A spokesman for the Combined Joint Task Force, or CJTF, overseeing the operation confirmed the limitations on how it can help stem the Islamic State group’s destructive acts.
“The CJTF is taking these reports very seriously. Daesh actions such as this underscore the necessity to defeat Daesh. The CJTF and our partners on the ground are committed to ending the atrocities committed by Daesh,” the spokesman says, responding to questions by email from a U.S. military base in Kuwait.
“Stopping smuggling, money laundering and other criminal activities committed by Daesh are also part of the broader coalition effort, but it is not under the auspices of CJTF.”
 Always nice to hear that reports are being taken seriously. That makes everyone feel so much better. But the question is whether the US has commanders who order airstrikes against targets on the ground, including bulldozers, backhoes, and other excavating equipment being used to raze sites. The answer is, obviously, yes. Here's a report from yesterday:
In Iraq, two air strikes near Al Huwijah destroyed six excavators and hit a tactical unit. Near Fallujah, four strikes hit two tactical units, a fighting position and destroyed three vehicles. Other strikes near Haditha, Kirkuk and Mosul also struck tactical units, fighting positions, excavators, vehicles and other targets.
 "Excavators" are being hit. Just not the excavators headed for archaeological sites. 

That the same article in which the CJTF demurs also includes another rousing statement from Secretary of State Kerry affirming our deep regard for cultural heritage only adds insult to injury. The Obama administration needs to crack some heads, or they will be as culpable of negligence as the military.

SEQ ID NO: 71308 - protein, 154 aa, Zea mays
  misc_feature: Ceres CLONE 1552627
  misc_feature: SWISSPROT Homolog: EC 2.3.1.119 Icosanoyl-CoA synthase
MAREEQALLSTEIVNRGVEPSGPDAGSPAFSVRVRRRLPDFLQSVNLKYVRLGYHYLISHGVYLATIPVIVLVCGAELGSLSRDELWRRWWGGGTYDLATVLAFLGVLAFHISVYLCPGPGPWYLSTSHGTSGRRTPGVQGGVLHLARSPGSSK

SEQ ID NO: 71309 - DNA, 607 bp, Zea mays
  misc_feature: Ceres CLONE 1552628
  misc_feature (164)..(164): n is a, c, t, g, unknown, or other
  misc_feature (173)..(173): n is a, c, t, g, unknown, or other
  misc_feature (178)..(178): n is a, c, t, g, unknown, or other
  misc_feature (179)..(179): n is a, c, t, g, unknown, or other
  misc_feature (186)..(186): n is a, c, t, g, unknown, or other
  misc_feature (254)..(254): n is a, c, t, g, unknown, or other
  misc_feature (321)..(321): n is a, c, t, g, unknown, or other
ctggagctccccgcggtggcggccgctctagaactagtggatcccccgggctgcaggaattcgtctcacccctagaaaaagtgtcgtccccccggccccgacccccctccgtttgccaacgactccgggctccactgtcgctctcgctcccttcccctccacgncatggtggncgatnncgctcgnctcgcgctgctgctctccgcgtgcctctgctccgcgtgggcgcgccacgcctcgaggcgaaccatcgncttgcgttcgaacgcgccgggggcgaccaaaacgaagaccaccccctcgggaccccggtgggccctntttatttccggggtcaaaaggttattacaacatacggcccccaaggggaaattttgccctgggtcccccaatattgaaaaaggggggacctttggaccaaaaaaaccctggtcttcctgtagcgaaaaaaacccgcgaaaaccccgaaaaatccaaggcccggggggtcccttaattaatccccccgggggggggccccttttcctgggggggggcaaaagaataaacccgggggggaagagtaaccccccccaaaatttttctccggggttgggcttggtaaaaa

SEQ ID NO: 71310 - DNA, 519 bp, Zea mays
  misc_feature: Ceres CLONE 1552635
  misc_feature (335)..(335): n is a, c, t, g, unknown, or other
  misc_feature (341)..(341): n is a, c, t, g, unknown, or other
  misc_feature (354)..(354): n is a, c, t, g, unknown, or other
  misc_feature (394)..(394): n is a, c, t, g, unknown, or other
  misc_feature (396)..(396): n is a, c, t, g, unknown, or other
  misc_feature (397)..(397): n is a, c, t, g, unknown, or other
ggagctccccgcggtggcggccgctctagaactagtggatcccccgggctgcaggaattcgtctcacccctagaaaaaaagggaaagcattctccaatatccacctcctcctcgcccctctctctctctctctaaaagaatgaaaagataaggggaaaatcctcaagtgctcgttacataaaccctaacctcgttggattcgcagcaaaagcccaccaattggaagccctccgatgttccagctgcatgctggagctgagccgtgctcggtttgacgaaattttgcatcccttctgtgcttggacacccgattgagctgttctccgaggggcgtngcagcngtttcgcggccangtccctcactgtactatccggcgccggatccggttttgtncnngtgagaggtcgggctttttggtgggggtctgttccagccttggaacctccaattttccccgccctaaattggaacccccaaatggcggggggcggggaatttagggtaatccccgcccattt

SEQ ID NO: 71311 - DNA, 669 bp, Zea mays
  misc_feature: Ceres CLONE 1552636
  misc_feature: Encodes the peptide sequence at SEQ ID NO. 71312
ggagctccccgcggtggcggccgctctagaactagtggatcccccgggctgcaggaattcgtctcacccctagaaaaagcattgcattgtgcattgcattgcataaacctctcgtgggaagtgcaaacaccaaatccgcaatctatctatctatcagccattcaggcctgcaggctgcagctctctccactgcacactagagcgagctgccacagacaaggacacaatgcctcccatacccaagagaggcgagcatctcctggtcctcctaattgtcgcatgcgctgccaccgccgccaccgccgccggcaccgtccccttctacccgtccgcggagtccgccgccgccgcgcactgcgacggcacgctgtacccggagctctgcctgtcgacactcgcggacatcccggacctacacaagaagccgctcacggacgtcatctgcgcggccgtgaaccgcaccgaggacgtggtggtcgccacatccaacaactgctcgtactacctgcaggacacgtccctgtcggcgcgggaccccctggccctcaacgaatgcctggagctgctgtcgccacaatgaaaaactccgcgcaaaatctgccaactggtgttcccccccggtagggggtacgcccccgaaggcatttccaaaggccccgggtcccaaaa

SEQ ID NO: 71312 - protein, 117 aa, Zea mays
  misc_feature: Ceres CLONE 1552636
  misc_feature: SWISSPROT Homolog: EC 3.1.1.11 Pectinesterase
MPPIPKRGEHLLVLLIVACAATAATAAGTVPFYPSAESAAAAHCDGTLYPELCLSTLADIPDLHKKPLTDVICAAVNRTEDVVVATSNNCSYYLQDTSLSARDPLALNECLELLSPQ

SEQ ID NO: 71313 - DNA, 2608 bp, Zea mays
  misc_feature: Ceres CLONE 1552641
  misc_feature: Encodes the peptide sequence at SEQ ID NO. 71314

What one military manual says about site protection

From ATP 3-39.30, "Security and Mobility Support", Oct. 2014:


-->
Protect Key Personnel and Facilities 1-47. When required, military forces may extend protection and support to key civilian personnel to ensure their continued contribution to the overall operation. In the interest of transparency, military forces specifically request and carefully negotiate this protection. Similarly, the long-term success of any intervention often relies on the ability of external actors to protect and maintain critical infrastructure until the HN can resume that responsibility. Protection of key facilities may be either an immediate or long-term requirement. The list of essential tasks may include an initial response and transformation, described as follows: